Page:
Hildegarde

Jane Haddam’s WordPress weblog

Reason and Logic

with 6 comments

Well, I walked right into it, so I shouldn’t be surprised.

First, let me  note that the idea that adhering to reason and logic must mean rejecting the supernatural is a very new one.  It first crops up in the 18th century, and it only becomes automatic in the last sixty or seventy years.

And it still isn’t monolithically automatic even in the West.

When I say the Rig Veda–as far as I’ve read it–rejects reason and logic even as an assumption, I don’t mean it has supernatural elements. 

I mean that it will first relate the creation story as something that comes out of the waters and out of which the gods themselves came.  Then it will relate it as a birth out of one of the gods it just said didn’t exist before the creation at all.  Then there will be a few more, with elements that contradict these two–and all of them wll be presented as “what actually  happened.”

But all of them could not have actually happened.  If one of them  happened, then the rest are by definition untrue, because each of them has elements that cannot be true AT THE SAME TIME as elements in the other stories.

As far as I can tell by the notes and introductions, no attempt was ever made to rationalize these contradictions until Western scholars came in and tried to “make sense” of it, because “making sense” is what we do.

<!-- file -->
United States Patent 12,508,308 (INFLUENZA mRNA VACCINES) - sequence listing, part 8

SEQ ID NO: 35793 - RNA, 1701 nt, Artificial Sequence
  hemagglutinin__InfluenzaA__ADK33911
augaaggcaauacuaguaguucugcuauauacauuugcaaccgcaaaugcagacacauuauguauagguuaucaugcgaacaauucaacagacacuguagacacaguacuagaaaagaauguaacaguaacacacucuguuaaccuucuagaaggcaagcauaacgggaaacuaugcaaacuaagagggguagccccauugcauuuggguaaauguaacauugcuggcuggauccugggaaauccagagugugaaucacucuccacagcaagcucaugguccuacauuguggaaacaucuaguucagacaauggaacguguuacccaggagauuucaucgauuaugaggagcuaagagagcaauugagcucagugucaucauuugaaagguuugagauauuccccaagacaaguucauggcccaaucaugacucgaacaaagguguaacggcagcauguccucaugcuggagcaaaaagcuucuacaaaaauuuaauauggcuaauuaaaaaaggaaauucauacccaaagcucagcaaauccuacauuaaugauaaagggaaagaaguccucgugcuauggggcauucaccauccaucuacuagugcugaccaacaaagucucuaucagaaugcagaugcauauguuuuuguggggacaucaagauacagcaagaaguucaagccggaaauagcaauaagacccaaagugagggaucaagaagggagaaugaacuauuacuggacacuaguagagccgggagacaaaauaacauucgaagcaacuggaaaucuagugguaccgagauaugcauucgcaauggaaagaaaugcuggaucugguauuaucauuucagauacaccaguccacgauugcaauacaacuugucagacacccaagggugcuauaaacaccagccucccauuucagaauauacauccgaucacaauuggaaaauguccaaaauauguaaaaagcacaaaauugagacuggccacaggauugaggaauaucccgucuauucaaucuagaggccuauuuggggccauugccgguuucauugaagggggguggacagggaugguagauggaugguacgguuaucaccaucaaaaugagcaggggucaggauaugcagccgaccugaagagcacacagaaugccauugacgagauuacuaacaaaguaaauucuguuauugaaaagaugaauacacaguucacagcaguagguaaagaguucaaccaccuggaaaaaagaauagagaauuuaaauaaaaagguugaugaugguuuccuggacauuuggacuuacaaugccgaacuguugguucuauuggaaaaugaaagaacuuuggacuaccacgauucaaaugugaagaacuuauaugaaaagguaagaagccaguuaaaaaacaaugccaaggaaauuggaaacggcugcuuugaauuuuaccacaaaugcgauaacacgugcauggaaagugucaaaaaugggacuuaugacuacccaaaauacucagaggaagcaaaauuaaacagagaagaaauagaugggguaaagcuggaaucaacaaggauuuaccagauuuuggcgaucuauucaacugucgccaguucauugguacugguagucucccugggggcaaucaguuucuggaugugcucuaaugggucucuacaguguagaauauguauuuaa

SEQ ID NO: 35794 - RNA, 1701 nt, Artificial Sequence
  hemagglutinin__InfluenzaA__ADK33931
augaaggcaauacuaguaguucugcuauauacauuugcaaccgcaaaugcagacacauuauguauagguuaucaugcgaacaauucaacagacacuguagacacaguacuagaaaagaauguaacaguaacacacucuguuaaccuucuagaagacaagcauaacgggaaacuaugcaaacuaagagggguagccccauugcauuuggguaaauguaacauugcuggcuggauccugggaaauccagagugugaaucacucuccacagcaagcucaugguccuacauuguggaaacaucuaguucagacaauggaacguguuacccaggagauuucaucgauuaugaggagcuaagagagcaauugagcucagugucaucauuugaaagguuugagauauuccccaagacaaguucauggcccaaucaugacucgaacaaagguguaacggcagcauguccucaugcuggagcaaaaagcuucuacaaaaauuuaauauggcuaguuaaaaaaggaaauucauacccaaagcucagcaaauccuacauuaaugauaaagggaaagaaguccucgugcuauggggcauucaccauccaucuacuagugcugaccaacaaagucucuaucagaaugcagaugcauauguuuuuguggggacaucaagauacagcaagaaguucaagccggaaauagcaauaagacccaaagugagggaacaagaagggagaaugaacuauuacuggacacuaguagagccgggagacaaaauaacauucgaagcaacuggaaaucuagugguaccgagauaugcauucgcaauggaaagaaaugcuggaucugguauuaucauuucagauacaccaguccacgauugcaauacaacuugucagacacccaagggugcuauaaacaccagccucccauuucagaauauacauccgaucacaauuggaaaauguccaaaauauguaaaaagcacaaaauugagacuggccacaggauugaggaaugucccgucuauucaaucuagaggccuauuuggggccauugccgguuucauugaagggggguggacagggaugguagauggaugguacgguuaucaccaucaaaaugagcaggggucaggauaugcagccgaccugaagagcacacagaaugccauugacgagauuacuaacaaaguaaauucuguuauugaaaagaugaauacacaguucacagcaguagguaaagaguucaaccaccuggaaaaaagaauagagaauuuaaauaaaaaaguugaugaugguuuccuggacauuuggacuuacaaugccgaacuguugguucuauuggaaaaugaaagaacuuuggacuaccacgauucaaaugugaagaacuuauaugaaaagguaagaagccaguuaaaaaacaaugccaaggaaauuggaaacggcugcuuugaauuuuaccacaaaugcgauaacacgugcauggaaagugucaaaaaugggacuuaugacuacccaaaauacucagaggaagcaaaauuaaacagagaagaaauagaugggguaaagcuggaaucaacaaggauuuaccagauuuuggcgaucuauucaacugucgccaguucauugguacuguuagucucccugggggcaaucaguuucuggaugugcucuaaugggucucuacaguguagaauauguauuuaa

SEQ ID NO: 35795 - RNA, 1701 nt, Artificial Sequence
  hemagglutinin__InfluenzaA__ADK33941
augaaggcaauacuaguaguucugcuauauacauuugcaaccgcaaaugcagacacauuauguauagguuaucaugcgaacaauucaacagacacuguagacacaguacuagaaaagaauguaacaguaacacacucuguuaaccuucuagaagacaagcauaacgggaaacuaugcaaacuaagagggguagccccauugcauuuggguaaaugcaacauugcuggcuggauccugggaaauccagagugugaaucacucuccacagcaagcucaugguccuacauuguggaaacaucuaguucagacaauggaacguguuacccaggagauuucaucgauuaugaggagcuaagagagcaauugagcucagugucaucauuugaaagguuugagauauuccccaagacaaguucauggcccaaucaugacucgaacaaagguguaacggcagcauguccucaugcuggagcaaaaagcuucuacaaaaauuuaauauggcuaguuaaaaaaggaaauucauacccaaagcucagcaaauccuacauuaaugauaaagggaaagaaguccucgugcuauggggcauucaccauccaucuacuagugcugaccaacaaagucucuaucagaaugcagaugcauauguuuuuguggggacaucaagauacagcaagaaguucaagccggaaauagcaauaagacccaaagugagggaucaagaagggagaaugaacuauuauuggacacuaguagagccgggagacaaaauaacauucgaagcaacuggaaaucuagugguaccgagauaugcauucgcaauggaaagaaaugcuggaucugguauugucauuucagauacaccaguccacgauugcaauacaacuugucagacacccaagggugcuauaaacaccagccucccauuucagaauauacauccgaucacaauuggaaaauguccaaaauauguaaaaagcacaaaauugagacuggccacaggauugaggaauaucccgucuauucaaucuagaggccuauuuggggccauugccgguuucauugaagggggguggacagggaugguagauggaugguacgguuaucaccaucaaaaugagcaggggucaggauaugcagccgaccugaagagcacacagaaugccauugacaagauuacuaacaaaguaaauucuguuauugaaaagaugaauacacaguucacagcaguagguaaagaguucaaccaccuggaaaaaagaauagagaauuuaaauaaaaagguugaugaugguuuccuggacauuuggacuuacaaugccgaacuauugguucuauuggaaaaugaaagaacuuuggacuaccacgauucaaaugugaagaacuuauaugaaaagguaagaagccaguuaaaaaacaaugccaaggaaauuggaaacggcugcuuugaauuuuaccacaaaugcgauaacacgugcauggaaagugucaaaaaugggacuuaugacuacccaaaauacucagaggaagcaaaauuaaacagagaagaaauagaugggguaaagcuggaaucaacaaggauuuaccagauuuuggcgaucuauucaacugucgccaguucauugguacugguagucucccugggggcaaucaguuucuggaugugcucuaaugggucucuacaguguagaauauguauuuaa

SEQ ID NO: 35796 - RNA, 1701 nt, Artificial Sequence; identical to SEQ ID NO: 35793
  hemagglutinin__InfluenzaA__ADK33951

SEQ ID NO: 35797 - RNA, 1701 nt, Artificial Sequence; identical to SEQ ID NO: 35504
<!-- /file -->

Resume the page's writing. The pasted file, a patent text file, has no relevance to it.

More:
Note the difference here between this and Genesis.  There are two creation accounts in Genesis, one detailed (Adam, Ever, etc) and o ne general (“created them male and female”).  But except for the most tendentious eye, there’s nothing contradictory here.  One is the detailed story, the other is just a note of the event.  In the first case we get the play by play.  In the second we’re just told, well, God created everything, and he created human beings, and they were both male and female.

Or take the case of the set of  hymns I was just reading, the ones  to the God Viruna. 

Viruna is a god closer in nature to gods as we have understood them in the West.  He is a sky god who looks down on men and women and punishes them for their misdeeds–although the misdeeds seem to be things like not doing the ritual right, and the notes point out that prayers asking to be “free of sin” are asking only to be free of the punishment for sin, not to be made righteous or somehow cleansed, as in the Christian tradition.